Sweet Tooth

A Novel

McEwan, Ian

(Book - 2012)
Average Rating: 3.5 stars out of 5.
Sweet Tooth
Recruited into MI5 against a backdrop of the Cold War in 1972, Cambridge student Serena Frome, a compulsive reader, is assigned to infiltrate the literary circle of a promising young writer whose politics align with those of the government, a situation that is compromised when she falls in love with him.
Publisher: New York : Nan A. Talese/Doubleday, c2012.
Edition: 1st American ed.
ISBN: 9780385536820
Characteristics: 301 p. ;,25 cm.


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Feb 22, 2015
  • empbee rated this: 3.5 stars out of 5.

Good read.

Aug 09, 2014
  • uncommonreader rated this: 2 stars out of 5.

Somewhat interesting in terms of the actions of MI5 against the left, although the novel did not particularly evoke the period of the early 70s. I did not like McEwan's "clever" presentation of a partial self-portrait. Although readable, in the end, the novel is disappointing.

Jan 29, 2014
  • Homeworkforme rated this: 4 stars out of 5.

McEwan at his best. Great story, great characters and a twist at the end.

Jan 01, 2014
  • debwalker rated this: 5 stars out of 5.

London early 70s, and a young Cambridge grad gets caught up in cold war subterfuge. Love, betrayal, and a clever twist at the end.

Dec 25, 2013
  • happycanuck rated this: 2 stars out of 5.

found it boring and did not persevere to finish the book.

Nov 05, 2013
  • GLNovak rated this: 3 stars out of 5.

This book is a quick read and presents an interesting idea for the clandestine waging of the cold war in the 1960's and 1970's, but you have to persevere. I found Serena, the main character, and in fact all the characters a bit flat and unlikable. The story itself ranges over events a bit superficially and everywhere we are Serena is doing pretty much nothing but reading, typing, having meetings, having sex and questioning everything she is doing. The ending provides an answer to the whole tone of the book but to me is not really satisfying as the characters did not live enough to make that end very believable.

Oct 03, 2013
  • jmikesmith rated this: 4 stars out of 5.

Ian McEwan is one of those writers whose language just flows across the page, and you can tell that every sentence is carefully crafted. His writing is not convoluted or complex, but it's not everyday speech, either. On top of that, McEwan creates stories that seem ordinary on the surface, but with hints that there is something much deeper going on. Sweet Tooth is one such story. Set in the early 1970s and narrated in the first person by Serena Frome (rhymes with "plume") from the vantage point of the 2010s, this novel focuses on Serena's short but intense career with Britain's MI5 spy service. Young Serena is brought into Sweet Tooth, a project to provide government funding to young authors who, it is hoped, will write stories with a pro-democracy, anti-Communist slant. Serena poses as a representative of the foundation to recruit aspiring writer Tom Haley to the cause. The problem is, she falls in love with Tom. She is torn between her love and her obligation to keep her real job and the real source of his funding secret from him. The climax of the novel builds when word of Sweet Tooth makes it into the press and Serena has some hard choices to make. In the final chapter, McEwan managed to totally upend my perspective on the story. I was surprised and delighted by how it turned out. At times, the story can seem a bit slow and meandering. Not much seems to happen at times. But the language is always astounding, and I think it's well worth the wait to get to those final few pages.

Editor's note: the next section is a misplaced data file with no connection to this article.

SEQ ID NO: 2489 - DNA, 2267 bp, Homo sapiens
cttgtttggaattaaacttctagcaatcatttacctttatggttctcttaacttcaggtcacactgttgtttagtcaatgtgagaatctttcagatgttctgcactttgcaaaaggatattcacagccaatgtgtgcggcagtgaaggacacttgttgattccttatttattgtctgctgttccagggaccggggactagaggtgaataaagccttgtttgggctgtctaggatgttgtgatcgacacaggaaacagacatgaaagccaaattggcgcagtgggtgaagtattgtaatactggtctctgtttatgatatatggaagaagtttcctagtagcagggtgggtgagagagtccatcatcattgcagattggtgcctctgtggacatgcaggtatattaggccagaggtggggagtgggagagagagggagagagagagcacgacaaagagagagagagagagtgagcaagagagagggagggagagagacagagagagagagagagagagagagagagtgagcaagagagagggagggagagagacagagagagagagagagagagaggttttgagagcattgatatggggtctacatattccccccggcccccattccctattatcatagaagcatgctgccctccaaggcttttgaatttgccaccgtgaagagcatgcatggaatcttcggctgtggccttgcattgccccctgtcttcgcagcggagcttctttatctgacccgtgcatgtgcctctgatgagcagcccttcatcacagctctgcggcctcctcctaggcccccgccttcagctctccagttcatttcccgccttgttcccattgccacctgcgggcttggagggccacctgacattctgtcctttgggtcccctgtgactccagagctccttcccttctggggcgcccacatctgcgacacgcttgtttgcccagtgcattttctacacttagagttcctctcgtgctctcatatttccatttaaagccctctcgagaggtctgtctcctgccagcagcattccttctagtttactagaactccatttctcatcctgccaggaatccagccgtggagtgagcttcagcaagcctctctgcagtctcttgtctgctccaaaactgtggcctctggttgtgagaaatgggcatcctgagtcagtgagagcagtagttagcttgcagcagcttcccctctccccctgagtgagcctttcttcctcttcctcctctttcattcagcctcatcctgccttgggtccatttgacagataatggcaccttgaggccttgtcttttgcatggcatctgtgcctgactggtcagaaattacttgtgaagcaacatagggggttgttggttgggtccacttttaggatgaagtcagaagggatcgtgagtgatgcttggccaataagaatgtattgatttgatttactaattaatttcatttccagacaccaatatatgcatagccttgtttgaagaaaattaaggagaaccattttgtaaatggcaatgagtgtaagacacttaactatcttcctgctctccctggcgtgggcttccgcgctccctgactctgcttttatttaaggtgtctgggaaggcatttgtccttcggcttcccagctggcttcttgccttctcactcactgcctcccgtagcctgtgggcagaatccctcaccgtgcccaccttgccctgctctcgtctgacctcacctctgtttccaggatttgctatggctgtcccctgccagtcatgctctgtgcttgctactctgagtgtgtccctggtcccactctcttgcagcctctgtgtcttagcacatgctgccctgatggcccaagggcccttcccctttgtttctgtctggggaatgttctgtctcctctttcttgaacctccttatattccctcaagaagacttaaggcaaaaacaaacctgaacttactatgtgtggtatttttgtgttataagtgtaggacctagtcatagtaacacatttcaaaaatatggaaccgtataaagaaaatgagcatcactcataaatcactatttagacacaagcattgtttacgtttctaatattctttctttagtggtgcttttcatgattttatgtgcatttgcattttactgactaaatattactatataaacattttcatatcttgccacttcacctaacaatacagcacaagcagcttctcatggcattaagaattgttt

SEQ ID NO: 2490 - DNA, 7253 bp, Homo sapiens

Sep 26, 2013
  • stewh rated this: 2 stars out of 5.

Not up to McEwan's standard.

Aug 19, 2013
  • spacebum25 rated this: 1 stars out of 5.

I have not read any works by this author before but this book showed up on a "suggested reads" for me. I didn't think too much of the book - found it boring. Having been in my 20's in the 70's, I found nothing interesting or insightful from the characters or the plot.

This book just did not do it for me. Nothing was compelling enough. Perhaps it just was "too cold" for my taste.

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...was deliberately and systematically boring me to drive me away. It was insensitive of me not to notice, poor fellow, he was having to overreach himself and it was not a good performance, hopelessly overdone.


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